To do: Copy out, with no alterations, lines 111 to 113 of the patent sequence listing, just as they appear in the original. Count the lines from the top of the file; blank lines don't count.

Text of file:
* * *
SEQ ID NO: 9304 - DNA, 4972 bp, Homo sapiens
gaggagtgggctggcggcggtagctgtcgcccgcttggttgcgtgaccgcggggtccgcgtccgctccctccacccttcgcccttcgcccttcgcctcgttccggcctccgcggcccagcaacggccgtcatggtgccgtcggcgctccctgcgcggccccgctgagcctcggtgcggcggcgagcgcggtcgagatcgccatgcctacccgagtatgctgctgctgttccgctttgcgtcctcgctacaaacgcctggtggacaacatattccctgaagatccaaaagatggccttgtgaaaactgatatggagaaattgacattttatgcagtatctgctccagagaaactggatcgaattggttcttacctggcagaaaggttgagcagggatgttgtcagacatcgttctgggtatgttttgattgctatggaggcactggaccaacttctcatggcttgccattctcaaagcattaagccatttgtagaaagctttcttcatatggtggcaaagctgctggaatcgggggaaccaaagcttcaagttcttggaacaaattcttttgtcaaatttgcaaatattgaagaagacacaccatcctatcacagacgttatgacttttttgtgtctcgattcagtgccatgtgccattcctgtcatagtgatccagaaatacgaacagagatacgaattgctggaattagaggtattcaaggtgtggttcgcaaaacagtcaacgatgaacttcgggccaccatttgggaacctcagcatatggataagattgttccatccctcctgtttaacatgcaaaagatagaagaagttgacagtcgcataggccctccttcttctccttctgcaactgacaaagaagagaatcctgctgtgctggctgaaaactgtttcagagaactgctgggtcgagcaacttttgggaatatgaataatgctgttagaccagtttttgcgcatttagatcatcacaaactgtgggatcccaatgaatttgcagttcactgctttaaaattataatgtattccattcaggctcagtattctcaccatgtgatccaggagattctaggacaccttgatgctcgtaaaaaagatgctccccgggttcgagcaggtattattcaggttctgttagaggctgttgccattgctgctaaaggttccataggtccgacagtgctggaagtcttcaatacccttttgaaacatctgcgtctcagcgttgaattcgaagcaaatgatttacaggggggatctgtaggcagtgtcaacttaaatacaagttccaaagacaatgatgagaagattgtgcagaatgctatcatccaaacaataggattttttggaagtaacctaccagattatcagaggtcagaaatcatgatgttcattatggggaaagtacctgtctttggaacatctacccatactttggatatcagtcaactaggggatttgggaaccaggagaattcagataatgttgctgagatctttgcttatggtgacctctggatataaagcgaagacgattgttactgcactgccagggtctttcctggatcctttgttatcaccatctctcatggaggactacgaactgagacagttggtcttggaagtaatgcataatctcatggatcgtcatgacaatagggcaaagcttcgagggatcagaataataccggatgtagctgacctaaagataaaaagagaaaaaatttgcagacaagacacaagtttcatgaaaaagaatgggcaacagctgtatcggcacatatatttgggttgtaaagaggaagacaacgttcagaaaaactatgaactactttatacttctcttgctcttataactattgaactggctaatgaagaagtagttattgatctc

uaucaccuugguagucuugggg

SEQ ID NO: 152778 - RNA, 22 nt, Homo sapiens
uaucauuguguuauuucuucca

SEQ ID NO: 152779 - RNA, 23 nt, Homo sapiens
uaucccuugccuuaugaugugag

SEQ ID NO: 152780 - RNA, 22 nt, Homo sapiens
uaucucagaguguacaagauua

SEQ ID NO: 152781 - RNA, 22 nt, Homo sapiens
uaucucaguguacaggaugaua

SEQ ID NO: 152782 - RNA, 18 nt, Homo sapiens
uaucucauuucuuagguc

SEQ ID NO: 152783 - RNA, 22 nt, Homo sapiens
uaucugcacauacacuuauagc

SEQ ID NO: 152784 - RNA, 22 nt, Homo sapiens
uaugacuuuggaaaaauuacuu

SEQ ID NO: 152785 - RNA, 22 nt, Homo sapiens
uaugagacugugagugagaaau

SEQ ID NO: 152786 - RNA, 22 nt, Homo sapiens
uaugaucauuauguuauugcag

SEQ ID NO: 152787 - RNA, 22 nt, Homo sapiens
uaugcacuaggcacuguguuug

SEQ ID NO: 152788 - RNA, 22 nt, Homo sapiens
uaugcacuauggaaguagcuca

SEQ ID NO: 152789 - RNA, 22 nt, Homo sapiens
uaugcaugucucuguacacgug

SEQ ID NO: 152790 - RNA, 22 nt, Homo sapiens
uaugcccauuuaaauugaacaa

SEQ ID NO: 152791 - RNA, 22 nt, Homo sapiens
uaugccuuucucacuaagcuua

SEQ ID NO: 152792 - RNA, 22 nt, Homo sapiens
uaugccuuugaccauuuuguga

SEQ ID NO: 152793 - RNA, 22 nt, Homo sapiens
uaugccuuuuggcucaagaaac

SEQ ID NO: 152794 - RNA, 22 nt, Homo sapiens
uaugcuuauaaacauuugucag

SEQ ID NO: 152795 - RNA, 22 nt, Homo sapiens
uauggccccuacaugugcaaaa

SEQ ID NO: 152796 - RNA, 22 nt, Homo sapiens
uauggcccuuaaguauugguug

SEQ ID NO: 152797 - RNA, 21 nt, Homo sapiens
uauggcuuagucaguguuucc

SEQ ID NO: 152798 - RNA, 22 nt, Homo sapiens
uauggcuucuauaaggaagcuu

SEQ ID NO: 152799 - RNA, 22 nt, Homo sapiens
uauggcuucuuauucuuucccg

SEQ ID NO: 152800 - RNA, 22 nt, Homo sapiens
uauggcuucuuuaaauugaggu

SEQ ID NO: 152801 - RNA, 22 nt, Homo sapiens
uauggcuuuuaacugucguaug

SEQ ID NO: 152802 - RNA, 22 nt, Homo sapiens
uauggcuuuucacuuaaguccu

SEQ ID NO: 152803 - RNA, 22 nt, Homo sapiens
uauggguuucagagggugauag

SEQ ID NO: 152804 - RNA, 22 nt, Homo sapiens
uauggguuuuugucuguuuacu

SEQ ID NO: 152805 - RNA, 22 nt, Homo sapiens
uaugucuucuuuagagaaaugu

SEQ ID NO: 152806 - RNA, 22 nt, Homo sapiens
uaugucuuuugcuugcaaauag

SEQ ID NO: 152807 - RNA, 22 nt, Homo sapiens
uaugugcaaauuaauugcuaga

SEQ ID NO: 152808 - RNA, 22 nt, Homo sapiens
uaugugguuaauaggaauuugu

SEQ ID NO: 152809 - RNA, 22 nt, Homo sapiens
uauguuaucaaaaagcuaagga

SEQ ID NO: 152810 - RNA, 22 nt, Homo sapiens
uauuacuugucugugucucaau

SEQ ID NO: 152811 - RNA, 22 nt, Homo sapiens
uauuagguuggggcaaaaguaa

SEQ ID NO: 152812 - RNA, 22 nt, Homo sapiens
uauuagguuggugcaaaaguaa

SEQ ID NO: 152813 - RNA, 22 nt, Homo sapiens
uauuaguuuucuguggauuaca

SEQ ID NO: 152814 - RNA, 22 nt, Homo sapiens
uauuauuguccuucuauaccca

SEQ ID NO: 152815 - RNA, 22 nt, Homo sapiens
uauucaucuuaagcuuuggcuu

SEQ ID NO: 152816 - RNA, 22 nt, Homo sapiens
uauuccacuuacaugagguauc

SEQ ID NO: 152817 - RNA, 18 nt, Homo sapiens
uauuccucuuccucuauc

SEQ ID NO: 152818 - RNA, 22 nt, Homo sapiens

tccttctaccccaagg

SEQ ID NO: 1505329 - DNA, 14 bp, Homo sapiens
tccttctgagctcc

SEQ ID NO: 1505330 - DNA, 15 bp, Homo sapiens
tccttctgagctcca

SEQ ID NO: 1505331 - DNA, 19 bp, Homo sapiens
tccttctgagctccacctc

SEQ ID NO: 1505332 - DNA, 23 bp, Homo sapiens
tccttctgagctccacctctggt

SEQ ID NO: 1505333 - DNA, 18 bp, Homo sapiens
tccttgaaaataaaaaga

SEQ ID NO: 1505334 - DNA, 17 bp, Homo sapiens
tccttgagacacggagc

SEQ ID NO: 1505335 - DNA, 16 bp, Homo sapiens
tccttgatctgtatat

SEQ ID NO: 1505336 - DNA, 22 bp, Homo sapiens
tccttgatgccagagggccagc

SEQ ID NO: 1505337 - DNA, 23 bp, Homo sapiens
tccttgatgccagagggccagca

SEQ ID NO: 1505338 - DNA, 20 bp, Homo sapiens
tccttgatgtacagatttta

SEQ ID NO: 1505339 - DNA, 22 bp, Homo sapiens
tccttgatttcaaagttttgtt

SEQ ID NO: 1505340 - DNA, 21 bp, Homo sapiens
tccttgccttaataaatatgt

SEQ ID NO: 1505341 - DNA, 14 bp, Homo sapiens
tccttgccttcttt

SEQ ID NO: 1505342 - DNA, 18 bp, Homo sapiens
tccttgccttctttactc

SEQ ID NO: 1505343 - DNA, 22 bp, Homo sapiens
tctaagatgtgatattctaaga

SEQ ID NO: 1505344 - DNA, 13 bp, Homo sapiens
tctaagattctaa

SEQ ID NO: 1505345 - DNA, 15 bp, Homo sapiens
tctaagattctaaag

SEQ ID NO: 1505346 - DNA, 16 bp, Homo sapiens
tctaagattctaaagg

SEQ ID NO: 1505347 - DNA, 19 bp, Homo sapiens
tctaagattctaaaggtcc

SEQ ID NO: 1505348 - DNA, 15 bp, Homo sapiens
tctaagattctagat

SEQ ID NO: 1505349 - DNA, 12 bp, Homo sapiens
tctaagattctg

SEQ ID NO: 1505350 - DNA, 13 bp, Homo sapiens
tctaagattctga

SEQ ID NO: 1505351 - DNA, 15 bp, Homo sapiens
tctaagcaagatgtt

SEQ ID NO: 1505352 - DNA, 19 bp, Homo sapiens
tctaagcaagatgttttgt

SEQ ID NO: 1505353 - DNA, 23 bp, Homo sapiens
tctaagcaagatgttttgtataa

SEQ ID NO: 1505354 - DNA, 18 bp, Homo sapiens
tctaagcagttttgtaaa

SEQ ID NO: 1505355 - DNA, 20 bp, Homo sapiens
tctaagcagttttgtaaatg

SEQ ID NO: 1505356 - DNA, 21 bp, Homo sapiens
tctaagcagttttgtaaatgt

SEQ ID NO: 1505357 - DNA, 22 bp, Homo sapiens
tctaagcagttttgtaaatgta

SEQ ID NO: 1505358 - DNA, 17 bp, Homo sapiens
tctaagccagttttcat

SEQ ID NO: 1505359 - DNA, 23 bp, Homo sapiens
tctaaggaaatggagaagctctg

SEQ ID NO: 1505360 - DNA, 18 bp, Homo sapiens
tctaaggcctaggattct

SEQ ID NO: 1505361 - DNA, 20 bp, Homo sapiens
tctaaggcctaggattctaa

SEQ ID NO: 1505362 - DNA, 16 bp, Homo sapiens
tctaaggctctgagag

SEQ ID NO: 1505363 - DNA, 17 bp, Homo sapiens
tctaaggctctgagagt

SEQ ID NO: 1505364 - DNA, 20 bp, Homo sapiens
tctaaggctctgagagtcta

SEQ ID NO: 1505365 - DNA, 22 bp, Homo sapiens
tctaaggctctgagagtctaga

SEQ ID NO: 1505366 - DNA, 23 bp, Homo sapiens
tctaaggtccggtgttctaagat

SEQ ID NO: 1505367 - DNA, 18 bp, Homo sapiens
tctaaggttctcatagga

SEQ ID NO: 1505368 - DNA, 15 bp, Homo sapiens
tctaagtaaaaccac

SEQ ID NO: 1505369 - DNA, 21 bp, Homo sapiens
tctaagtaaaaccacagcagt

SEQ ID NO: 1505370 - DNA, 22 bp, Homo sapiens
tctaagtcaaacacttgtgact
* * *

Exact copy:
tccttgccttcttt

SEQ ID NO: 1505342 - DNA, 18 bp, Homo sapiens
tccttgccttctttactc